The second time’s a charm.
Of course, I thought the first time was, too.
We’ve stayed at the Hotel Northampton in Northampton, Mass., once before on our way to New Hampshire for our annual family New Year’s fest. I have fleeting recollections of a mini-grande dame gracefully flanking a main street in town, with lots of intriguing corridors and stairwells and nooks and crannies — ooh, love it! — and a restaurant that had some special history attached to it.
But I’m a little distressed right now that the dinner reservation isn’t going so smoothly. We’re way behind schedule, crawling through Connecticut in rush-hour traffic, and it sure doesn’t look as if we’re going to get to Northampton in time for the 8 p.m. dinner we’ve booked. But I call the hotel three times — twice I’m put on hold and then cut off — before an unconcerned-sounding young woman finally says that oh, all right, she’ll tell the tavern to push the reservation back to 9 p.m. But will she?
I don’t trust her. I’m grumpy and famished from nine hours on the road. My warm memories of the hotel are cooling rapidly.
We pull into the parking lot at 9:15 p.m. Yikes! We have to clean up! The kitchen closes at 10! My husband will be upset if he can’t eat!
Yet oddly, he-whose-first-thought-is-always-of-food seems far less concerned about the time than I. (He must be faint from hunger.) I’m anxious, but he’s as copacetic as the coolly efficient young man at check-in, who looks at me quizzically when I ask whether the restaurant will still seat us. “Of course,” he says.
I’m still apologizing for our tardiness at the restaurant, when the hostess smiles at me benignly. “The important thing, you’re here,” she says, showing us to our table.
At last I clam up. Of course. We’re not in Washington anymore. We’re in small-town New England. In a historic hotel, but not a full-of-itself historic hotel. In a relaxed, hospitable place, elegant but low-key and, well, charming.
Yes, I am decidedly charmed. For the second time.
Starting with the restaurant. Wiggins Tavern (there’s also a more modern cafe upstairs) is a bona fide 18th-century public house that was moved from its original site in New Hampshire in 1927 and reassembled brick by brick and beam by low, dark beam in Northampton entrepreneur Lewis Wiggins’s new hotel. That is so fun to know. As is the fact that Wiggins, like so many in his day, was a Colonial Revival enthusiast and, according to the hotel’s official history, sought to furnish his inn with pieces of “museum status.” And then employed art curators to mingle with guests and talk about the hotel’s antiques. How clever was that?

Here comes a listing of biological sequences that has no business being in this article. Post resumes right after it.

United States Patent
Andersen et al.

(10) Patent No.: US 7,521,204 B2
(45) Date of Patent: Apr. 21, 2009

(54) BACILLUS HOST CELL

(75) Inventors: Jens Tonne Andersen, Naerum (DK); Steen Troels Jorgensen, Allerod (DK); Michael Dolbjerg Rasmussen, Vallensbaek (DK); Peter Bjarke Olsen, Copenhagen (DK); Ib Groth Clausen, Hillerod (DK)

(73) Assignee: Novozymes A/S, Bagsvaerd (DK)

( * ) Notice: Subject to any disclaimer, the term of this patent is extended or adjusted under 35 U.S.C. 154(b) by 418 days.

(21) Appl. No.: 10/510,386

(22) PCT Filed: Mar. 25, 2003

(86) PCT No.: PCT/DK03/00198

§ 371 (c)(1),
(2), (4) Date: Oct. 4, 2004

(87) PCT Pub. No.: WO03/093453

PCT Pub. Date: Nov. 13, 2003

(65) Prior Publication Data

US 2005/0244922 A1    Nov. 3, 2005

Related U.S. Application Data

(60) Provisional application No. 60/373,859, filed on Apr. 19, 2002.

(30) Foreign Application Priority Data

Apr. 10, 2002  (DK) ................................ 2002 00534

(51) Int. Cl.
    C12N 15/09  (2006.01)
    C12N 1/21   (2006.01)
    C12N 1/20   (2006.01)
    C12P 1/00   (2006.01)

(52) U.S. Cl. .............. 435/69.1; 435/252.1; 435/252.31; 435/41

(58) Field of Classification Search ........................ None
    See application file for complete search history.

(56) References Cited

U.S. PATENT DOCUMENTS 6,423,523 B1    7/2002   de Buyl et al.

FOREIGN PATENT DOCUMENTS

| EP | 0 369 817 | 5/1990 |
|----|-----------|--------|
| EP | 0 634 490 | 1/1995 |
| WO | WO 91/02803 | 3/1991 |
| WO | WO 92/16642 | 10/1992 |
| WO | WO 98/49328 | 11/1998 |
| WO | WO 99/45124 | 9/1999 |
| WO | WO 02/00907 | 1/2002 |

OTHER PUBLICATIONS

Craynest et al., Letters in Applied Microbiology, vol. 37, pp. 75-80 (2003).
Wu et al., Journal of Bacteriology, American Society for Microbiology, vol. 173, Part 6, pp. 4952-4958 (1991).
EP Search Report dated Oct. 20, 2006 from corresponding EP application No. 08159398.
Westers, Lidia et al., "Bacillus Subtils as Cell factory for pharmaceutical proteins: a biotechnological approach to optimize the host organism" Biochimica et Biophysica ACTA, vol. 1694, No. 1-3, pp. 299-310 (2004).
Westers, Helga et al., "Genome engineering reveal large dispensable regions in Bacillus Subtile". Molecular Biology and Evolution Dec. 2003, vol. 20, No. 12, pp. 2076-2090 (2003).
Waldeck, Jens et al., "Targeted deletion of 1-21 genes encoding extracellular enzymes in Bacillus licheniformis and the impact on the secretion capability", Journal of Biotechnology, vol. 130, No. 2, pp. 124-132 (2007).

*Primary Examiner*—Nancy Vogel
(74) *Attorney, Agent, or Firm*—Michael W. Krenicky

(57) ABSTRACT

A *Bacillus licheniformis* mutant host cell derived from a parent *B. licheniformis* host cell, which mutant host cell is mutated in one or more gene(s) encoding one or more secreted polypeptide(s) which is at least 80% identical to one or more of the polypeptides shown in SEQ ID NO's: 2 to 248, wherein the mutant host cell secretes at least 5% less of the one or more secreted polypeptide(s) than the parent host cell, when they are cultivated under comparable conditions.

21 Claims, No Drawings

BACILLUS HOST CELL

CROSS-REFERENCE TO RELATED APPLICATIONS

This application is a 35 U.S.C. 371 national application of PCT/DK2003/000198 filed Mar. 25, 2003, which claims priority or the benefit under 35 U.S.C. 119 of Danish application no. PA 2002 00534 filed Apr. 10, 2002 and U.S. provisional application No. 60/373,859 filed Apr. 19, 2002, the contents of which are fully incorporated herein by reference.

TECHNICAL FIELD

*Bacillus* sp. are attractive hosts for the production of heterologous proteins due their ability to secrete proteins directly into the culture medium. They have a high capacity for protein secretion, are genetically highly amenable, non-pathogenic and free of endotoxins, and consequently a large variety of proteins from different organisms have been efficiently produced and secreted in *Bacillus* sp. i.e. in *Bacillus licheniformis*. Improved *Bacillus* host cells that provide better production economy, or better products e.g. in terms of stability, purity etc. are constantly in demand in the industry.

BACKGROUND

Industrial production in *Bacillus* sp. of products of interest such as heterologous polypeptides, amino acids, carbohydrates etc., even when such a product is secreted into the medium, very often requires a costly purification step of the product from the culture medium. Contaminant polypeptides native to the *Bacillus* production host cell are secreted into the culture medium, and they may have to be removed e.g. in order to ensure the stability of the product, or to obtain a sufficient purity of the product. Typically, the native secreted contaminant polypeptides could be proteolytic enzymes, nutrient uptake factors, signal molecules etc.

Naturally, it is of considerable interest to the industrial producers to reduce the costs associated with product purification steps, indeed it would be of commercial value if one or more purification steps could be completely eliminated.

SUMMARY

I confess that I have no idea which items in the public spaces are still the genuine old-time articles, but no matter. Everything adds to the sense of graciousness. The high-ceilinged lobby is as pretty as I remember it, especially on a winter’s day, with gas flames flickering in the large fireplace. And the long, glassed-in sun porch that stretches across the front of the building seems a perfect place to sit and contemplate the snowy streets outside.
But first we have to find our room. I have visions of last time, when we wandered down a winding hidden hall to a door tucked into a dead-end alcove. That was fun, like a treasure hunt.
This time, though, we face no such challenge. We get off the elevator, turn left, walk a few paces, and voila. No. 307. Well, that was easy.
The room itself is fine, a standard king with all the usual accoutrements — coffeemaker, flat-screen TV, Gilchrist and Soames toiletries in the (small) bathroom. I’m just disappointed that it’s in the back of the building, looking out onto the parking lot. Harrumph.
But wait. I peer out the single window and, well, could there be a prettier parking lot? Christmas lights are sparkling in the bushes outside two small cottages that house extra guest rooms (the hotel has 106, including a number of suites). The lot itself is wide open and stretches far back, to the foot of a small hill topped by a gorgeous white-columned red-brick building. The church spires of pretty, pretty Northampton rise gleaming in the distance beyond. Lovely!
In the morning, my husband heads down to the lobby to drink his coffee in front of the fire. I head out on a mission of my own. Down the hall from our room, I peer through an open doorway, and yes! There it is — one of the internal passageways I remember from our first visit. I head down it and soon find myself turning unexpected corners that spill into further passages and staircases leading who knows where.
I wander for a while, giddily exploring and getting lost, like a happy mouse in a maze. I don’t know why I love this kind of labyrinthine rambling, but I do.
Next time we stay, I think, I’m going to request a room on one of these halls. It will guarantee that the third time will be a charm.
Just like the first and second.
36 King St.
Rooms from $129.99.
A biweekly staff review of East Coast and regional lodgings.